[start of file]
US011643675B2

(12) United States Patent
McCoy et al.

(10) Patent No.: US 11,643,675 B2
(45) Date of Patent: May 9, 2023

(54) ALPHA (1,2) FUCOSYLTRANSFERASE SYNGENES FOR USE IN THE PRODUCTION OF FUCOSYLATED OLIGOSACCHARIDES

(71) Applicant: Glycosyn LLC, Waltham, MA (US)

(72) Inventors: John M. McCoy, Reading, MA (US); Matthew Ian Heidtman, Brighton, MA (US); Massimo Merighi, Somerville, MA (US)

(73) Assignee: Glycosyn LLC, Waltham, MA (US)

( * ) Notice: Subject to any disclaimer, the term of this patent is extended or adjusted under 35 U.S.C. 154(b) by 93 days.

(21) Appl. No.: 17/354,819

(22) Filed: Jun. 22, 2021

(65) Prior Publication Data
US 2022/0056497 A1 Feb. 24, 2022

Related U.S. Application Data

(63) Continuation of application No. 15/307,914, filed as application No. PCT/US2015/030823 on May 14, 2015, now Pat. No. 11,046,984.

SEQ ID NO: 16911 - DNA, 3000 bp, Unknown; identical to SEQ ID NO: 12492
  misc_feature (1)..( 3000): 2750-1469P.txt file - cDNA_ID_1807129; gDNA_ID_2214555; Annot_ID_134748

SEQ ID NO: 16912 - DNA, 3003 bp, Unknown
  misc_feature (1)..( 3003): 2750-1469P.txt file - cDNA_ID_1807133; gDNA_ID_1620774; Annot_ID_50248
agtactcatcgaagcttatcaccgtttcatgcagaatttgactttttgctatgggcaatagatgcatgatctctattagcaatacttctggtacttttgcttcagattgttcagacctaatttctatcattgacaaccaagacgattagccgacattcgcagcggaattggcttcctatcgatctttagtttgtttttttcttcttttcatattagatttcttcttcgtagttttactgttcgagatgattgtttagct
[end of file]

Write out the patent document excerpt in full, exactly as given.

US011643675B2

(12) United States Patent
McCoy et al.

(10) Patent No.: US 11,643,675 B2
(45) Date of Patent: May 9, 2023

(54) ALPHA (1,2) FUCOSYLTRANSFERASE SYNGENES FOR USE IN THE PRODUCTION OF FUCOSYLATED OLIGOSACCHARIDES

(71) Applicant: Glycosyn LLC, Waltham, MA (US)

(72) Inventors: John M. McCoy, Reading, MA (US); Matthew Ian Heidtman, Brighton, MA (US); Massimo Merighi, Somerville, MA (US)

(73) Assignee: Glycosyn LLC, Waltham, MA (US)

( * ) Notice: Subject to any disclaimer, the term of this patent is extended or adjusted under 35 U.S.C. 154(b) by 93 days.

(21) Appl. No.: 17/354,819

(22) Filed: Jun. 22, 2021

(65) Prior Publication Data
US 2022/0056497 A1 Feb. 24, 2022

Related U.S. Application Data

(63) Continuation of application No. 15/307,914, filed as application No. PCT/US2015/030823 on May 14, 2015, now Pat. No. 11,046,984.

SEQ ID NO: 16911 - DNA, 3000 bp, Unknown; identical to SEQ ID NO: 12492
  misc_feature (1)..( 3000): 2750-1469P.txt file - cDNA_ID_1807129; gDNA_ID_2214555; Annot_ID_134748

SEQ ID NO: 16912 - DNA, 3003 bp, Unknown
  misc_feature (1)..( 3003): 2750-1469P.txt file - cDNA_ID_1807133; gDNA_ID_1620774; Annot_ID_50248
agtactcatcgaagcttatcaccgtttcatgcagaatttgactttttgctatgggcaatagatgcatgatctctattagcaatacttctggtacttttgcttcagattgttcagacctaatttctatcattgacaaccaagacgattagccgacattcgcagcggaattggcttcctatcgatctttagtttgtttttttcttcttttcatattagatttcttcttcgtagttttactgttcgagatgattgtttagct